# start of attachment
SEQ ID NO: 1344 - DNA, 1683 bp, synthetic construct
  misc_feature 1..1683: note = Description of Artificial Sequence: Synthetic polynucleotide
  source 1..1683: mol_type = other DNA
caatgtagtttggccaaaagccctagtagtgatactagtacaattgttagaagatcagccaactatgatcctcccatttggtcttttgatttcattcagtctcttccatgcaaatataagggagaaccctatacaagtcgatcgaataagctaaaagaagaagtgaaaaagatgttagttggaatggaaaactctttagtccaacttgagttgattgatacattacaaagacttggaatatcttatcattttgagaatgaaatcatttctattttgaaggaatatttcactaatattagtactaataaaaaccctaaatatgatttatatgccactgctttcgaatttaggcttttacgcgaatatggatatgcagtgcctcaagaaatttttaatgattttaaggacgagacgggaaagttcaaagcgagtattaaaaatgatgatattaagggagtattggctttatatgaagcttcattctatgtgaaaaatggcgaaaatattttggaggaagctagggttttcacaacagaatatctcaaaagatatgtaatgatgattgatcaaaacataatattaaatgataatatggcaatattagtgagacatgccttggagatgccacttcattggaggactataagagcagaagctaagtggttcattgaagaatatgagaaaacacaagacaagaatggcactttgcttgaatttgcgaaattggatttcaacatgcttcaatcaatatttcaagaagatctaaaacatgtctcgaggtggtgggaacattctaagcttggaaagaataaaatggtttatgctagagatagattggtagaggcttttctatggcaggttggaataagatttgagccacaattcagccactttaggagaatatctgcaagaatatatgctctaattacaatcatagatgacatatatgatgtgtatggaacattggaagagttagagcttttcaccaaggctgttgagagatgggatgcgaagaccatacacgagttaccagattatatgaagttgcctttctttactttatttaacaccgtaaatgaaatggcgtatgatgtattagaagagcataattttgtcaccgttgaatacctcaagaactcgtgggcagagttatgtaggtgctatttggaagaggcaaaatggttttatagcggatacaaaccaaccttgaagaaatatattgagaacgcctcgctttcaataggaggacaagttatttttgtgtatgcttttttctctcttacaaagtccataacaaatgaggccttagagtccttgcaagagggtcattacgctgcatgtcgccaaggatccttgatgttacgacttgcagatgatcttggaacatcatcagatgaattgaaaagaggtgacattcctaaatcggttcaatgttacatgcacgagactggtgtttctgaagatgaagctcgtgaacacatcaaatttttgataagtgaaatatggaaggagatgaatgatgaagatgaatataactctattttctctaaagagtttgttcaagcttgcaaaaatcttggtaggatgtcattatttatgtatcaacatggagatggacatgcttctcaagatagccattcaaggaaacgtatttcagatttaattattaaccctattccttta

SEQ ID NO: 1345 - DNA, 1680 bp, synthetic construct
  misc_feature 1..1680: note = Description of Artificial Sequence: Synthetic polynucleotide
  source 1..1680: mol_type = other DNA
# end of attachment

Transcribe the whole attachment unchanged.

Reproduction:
SEQ ID NO: 1344 - DNA, 1683 bp, synthetic construct
  misc_feature 1..1683: note = Description of Artificial Sequence: Synthetic polynucleotide
  source 1..1683: mol_type = other DNA
caatgtagtttggccaaaagccctagtagtgatactagtacaattgttagaagatcagccaactatgatcctcccatttggtcttttgatttcattcagtctcttccatgcaaatataagggagaaccctatacaagtcgatcgaataagctaaaagaagaagtgaaaaagatgttagttggaatggaaaactctttagtccaacttgagttgattgatacattacaaagacttggaatatcttatcattttgagaatgaaatcatttctattttgaaggaatatttcactaatattagtactaataaaaaccctaaatatgatttatatgccactgctttcgaatttaggcttttacgcgaatatggatatgcagtgcctcaagaaatttttaatgattttaaggacgagacgggaaagttcaaagcgagtattaaaaatgatgatattaagggagtattggctttatatgaagcttcattctatgtgaaaaatggcgaaaatattttggaggaagctagggttttcacaacagaatatctcaaaagatatgtaatgatgattgatcaaaacataatattaaatgataatatggcaatattagtgagacatgccttggagatgccacttcattggaggactataagagcagaagctaagtggttcattgaagaatatgagaaaacacaagacaagaatggcactttgcttgaatttgcgaaattggatttcaacatgcttcaatcaatatttcaagaagatctaaaacatgtctcgaggtggtgggaacattctaagcttggaaagaataaaatggtttatgctagagatagattggtagaggcttttctatggcaggttggaataagatttgagccacaattcagccactttaggagaatatctgcaagaatatatgctctaattacaatcatagatgacatatatgatgtgtatggaacattggaagagttagagcttttcaccaaggctgttgagagatgggatgcgaagaccatacacgagttaccagattatatgaagttgcctttctttactttatttaacaccgtaaatgaaatggcgtatgatgtattagaagagcataattttgtcaccgttgaatacctcaagaactcgtgggcagagttatgtaggtgctatttggaagaggcaaaatggttttatagcggatacaaaccaaccttgaagaaatatattgagaacgcctcgctttcaataggaggacaagttatttttgtgtatgcttttttctctcttacaaagtccataacaaatgaggccttagagtccttgcaagagggtcattacgctgcatgtcgccaaggatccttgatgttacgacttgcagatgatcttggaacatcatcagatgaattgaaaagaggtgacattcctaaatcggttcaatgttacatgcacgagactggtgtttctgaagatgaagctcgtgaacacatcaaatttttgataagtgaaatatggaaggagatgaatgatgaagatgaatataactctattttctctaaagagtttgttcaagcttgcaaaaatcttggtaggatgtcattatttatgtatcaacatggagatggacatgcttctcaagatagccattcaaggaaacgtatttcagatttaattattaaccctattccttta

SEQ ID NO: 1345 - DNA, 1680 bp, synthetic construct
  misc_feature 1..1680: note = Description of Artificial Sequence: Synthetic polynucleotide
  source 1..1680: mol_type = other DNA